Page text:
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I think everyone should play The Last of Us. Naughty Dog’s game is simply, a masterpiece, and I’ve never met anyone who didn’t enjoy playing it. Even if action adventure games aren’t your usual sort of thing, the story is so compelling and gripping that you simply must play it. It has so much going on, from the raw emotion of the storyline to some genuinely terrifying parts, and so much more.

The Last of Us multiplayer was also the first multiplayer that I delved into, and subsequently got completely addicted to, so there’s always that too.

Games, Gaming News

News: The killer is revealed for Murdered: Soul Suspect

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A new trailer has been released for Square Enix and Airtight Games’ murder mystery game, Murdered: Soul Suspect revealing details of the killer and their crimes.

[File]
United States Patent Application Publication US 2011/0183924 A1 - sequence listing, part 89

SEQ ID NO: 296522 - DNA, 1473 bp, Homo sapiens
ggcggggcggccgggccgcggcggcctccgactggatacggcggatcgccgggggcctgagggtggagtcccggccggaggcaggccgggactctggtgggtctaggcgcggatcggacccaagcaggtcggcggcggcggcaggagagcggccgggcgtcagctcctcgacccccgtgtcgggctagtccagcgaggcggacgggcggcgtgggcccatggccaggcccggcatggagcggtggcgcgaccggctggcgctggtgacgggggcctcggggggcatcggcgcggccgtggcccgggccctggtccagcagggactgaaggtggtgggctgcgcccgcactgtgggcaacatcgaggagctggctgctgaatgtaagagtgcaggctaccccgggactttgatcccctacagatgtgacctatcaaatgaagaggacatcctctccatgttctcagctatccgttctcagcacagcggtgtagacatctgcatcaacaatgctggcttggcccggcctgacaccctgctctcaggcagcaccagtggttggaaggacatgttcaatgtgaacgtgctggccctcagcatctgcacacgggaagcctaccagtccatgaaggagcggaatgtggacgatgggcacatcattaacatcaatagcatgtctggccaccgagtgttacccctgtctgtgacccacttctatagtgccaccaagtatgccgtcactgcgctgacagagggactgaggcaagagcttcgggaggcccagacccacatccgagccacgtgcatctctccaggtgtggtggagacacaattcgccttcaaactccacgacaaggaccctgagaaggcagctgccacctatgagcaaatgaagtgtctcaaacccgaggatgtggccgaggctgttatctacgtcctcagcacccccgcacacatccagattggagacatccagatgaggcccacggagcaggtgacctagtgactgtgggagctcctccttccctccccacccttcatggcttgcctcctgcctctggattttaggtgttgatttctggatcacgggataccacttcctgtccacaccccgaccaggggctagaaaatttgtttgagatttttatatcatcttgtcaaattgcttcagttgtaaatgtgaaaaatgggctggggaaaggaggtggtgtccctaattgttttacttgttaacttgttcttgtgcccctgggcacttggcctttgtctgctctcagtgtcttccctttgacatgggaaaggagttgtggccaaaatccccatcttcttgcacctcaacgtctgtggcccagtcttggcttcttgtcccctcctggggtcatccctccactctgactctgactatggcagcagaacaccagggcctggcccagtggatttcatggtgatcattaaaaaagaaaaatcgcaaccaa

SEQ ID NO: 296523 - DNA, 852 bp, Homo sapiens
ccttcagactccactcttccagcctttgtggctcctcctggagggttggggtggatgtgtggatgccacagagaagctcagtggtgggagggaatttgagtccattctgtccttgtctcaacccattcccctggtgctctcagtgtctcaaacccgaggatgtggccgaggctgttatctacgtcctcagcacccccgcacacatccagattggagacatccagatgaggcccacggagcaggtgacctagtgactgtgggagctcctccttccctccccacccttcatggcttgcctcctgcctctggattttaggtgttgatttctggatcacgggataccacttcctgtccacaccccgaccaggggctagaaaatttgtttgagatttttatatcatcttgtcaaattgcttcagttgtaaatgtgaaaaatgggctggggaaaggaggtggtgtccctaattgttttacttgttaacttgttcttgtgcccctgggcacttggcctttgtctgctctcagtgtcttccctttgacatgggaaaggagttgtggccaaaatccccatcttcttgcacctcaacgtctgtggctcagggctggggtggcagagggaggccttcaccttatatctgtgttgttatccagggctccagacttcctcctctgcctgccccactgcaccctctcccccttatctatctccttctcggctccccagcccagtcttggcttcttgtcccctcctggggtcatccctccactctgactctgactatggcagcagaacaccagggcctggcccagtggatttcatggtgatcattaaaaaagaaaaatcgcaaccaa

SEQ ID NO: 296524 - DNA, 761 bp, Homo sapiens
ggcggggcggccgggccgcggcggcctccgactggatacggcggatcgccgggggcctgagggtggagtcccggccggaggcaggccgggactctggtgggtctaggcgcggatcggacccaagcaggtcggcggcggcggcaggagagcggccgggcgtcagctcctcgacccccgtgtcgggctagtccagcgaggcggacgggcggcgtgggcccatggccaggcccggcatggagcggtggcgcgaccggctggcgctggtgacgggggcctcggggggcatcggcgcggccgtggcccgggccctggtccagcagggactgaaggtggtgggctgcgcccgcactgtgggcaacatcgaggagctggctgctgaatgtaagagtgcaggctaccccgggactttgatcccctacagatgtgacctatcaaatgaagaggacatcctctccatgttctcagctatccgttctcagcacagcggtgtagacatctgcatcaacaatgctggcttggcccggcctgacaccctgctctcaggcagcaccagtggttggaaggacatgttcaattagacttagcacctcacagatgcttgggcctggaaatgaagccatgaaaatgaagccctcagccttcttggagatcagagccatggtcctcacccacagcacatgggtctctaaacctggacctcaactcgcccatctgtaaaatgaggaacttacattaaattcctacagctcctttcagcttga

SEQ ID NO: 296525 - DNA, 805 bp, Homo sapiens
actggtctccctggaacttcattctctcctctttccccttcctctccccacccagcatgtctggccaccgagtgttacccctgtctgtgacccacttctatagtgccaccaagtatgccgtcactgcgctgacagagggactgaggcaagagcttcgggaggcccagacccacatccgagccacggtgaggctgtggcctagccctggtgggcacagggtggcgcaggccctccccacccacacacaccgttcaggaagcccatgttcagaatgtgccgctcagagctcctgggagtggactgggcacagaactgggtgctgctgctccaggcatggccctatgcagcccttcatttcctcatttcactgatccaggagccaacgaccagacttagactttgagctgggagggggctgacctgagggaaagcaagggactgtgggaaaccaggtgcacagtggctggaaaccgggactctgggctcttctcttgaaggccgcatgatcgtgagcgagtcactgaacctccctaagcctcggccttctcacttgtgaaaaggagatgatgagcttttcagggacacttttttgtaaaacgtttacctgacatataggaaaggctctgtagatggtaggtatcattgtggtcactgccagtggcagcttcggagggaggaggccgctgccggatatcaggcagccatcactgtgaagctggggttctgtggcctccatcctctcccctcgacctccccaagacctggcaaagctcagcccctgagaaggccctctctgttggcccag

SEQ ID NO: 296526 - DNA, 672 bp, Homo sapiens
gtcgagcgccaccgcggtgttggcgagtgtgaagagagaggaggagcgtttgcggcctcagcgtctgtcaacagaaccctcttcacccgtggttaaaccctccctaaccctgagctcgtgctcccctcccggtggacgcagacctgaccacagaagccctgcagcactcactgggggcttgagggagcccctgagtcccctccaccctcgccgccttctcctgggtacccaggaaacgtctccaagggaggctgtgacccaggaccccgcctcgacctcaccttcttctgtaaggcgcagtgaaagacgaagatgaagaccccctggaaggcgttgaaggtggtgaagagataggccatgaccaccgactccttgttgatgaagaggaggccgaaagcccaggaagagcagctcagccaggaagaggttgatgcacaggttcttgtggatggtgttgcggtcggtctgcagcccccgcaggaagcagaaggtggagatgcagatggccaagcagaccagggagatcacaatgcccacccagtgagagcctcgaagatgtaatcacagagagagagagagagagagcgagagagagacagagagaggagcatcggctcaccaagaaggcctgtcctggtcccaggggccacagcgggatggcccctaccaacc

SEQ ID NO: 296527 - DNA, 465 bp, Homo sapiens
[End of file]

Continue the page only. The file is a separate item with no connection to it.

Playing as detective Ronan O’Connor, you investigate a series of brutal murders, including your own. Set in the eerie city of Salem, the ghostly figure of O’Connor must work to apprehend the murderer before they claim too many victims.

Read my full news story at Filmoria.

Games, Gaming News

News: The Last of Us is coming to PS4

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Sony have confirmed that their hit PlayStation exclusive, The Last of Us, will be coming to PS4 this summer.

Following on from last month’s rumors that Naughty Dog’s latest critically acclaimed game would be coming to next-gen consoles, Arne Meyer, Community Strategist for Naughty Dog has taken to the PlayStation Blog to advise that the PS4 version of the game will include “an exclusive director’s commentary for all in-game cinematics.”